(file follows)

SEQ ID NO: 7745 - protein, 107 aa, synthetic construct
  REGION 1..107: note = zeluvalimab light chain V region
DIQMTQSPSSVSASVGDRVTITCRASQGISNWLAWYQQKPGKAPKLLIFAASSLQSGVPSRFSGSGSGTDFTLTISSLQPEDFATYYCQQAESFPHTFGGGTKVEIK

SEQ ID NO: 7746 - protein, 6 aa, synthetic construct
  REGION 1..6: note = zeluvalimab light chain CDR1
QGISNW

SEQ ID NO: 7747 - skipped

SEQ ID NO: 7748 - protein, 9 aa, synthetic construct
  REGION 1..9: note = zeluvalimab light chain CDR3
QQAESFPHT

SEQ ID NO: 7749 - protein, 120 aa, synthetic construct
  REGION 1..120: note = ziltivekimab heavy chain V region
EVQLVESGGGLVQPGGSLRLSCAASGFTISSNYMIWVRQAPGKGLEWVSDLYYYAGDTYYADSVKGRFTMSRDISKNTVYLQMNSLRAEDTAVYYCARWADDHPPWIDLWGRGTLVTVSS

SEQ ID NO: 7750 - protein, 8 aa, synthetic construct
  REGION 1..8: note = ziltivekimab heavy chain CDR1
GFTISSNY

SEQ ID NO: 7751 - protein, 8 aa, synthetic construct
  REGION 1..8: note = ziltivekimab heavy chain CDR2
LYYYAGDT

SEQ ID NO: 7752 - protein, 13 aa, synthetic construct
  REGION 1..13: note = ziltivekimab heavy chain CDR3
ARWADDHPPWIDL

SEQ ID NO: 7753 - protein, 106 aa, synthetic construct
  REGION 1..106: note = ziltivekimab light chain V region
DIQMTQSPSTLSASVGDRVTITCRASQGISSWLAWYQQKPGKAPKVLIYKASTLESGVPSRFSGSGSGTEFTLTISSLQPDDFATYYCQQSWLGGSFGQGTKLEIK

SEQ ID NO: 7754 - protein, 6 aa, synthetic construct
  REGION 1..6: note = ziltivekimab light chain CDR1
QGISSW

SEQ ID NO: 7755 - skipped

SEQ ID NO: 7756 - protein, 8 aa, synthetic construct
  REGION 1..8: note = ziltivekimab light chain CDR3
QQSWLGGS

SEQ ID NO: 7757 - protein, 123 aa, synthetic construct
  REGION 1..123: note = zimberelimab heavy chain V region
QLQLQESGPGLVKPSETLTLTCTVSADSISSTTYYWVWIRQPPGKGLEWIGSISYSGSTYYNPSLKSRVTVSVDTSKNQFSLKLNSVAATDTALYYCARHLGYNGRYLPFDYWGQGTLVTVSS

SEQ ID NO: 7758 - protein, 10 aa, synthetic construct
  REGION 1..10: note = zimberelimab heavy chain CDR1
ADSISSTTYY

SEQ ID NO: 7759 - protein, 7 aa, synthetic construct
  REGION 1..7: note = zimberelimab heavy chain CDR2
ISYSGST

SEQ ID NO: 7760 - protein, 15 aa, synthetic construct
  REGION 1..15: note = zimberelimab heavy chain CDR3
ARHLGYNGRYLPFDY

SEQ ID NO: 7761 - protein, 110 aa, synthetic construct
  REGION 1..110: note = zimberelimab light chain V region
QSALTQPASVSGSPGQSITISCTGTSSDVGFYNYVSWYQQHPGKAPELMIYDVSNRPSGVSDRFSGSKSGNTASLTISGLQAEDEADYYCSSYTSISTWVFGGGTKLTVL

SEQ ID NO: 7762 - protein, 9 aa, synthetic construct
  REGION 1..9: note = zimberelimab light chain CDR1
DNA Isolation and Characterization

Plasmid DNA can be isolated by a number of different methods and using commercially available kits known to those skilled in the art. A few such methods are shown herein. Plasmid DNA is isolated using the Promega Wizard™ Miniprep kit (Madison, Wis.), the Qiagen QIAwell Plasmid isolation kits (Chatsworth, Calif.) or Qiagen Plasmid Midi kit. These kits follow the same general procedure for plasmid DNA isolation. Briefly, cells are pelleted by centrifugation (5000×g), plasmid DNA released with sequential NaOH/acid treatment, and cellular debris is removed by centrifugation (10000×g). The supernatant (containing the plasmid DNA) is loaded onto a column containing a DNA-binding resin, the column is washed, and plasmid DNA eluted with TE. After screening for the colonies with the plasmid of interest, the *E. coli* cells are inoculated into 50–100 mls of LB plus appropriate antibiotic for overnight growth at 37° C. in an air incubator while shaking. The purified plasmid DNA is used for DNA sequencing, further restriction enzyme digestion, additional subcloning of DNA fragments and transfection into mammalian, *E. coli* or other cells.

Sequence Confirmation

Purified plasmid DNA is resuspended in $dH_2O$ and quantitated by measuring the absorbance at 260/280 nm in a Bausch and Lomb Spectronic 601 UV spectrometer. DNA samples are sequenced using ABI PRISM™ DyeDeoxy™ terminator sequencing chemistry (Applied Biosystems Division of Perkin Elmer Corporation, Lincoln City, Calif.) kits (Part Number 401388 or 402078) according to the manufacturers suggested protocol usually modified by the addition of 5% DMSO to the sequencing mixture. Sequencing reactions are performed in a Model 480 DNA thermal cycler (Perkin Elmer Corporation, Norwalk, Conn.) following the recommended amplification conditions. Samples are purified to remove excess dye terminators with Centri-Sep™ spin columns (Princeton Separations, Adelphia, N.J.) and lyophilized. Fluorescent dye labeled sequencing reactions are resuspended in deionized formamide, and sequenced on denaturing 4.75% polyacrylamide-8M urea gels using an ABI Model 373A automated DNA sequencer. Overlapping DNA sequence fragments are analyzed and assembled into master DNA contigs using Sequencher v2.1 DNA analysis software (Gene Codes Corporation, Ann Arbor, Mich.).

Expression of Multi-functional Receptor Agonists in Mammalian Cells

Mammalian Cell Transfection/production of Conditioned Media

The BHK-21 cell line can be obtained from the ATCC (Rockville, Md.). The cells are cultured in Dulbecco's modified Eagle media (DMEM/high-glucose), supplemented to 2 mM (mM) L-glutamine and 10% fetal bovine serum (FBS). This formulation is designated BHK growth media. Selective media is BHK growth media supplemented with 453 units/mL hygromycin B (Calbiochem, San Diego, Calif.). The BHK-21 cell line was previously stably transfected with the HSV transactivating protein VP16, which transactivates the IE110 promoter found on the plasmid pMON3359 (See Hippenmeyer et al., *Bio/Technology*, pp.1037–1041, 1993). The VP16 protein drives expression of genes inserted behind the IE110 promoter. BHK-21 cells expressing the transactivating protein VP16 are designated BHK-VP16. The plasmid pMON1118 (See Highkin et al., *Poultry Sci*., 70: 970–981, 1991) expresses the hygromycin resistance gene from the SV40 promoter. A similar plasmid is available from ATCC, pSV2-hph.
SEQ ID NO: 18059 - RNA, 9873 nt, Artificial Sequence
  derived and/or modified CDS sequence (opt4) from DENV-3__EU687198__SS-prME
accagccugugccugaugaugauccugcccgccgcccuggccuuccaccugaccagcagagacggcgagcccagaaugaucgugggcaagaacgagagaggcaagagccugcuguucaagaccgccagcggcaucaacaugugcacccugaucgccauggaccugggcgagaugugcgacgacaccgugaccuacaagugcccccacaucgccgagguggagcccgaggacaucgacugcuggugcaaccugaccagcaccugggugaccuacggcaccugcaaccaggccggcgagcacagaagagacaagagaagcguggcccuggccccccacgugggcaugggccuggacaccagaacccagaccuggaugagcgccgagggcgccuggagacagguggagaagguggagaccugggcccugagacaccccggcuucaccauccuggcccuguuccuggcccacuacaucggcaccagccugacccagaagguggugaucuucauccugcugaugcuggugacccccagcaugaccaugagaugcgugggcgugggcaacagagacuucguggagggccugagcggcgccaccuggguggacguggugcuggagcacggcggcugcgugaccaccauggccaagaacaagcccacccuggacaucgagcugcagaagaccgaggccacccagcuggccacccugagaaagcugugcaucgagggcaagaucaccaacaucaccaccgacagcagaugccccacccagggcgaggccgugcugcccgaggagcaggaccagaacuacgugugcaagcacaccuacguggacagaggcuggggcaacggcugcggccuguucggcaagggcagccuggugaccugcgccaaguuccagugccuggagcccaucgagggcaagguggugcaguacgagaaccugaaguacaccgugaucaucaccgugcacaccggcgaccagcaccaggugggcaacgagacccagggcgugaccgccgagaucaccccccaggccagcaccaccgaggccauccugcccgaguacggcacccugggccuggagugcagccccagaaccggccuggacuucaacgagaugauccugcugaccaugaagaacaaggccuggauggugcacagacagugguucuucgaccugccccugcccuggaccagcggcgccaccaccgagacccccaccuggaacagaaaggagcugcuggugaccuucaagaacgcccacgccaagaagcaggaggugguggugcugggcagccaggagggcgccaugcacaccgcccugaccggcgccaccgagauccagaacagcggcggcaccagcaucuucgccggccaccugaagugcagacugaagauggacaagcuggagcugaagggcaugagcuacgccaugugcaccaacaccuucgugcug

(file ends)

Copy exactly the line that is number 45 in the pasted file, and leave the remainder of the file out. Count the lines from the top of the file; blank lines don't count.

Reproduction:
SEQ ID NO: 7761 - protein, 110 aa, synthetic construct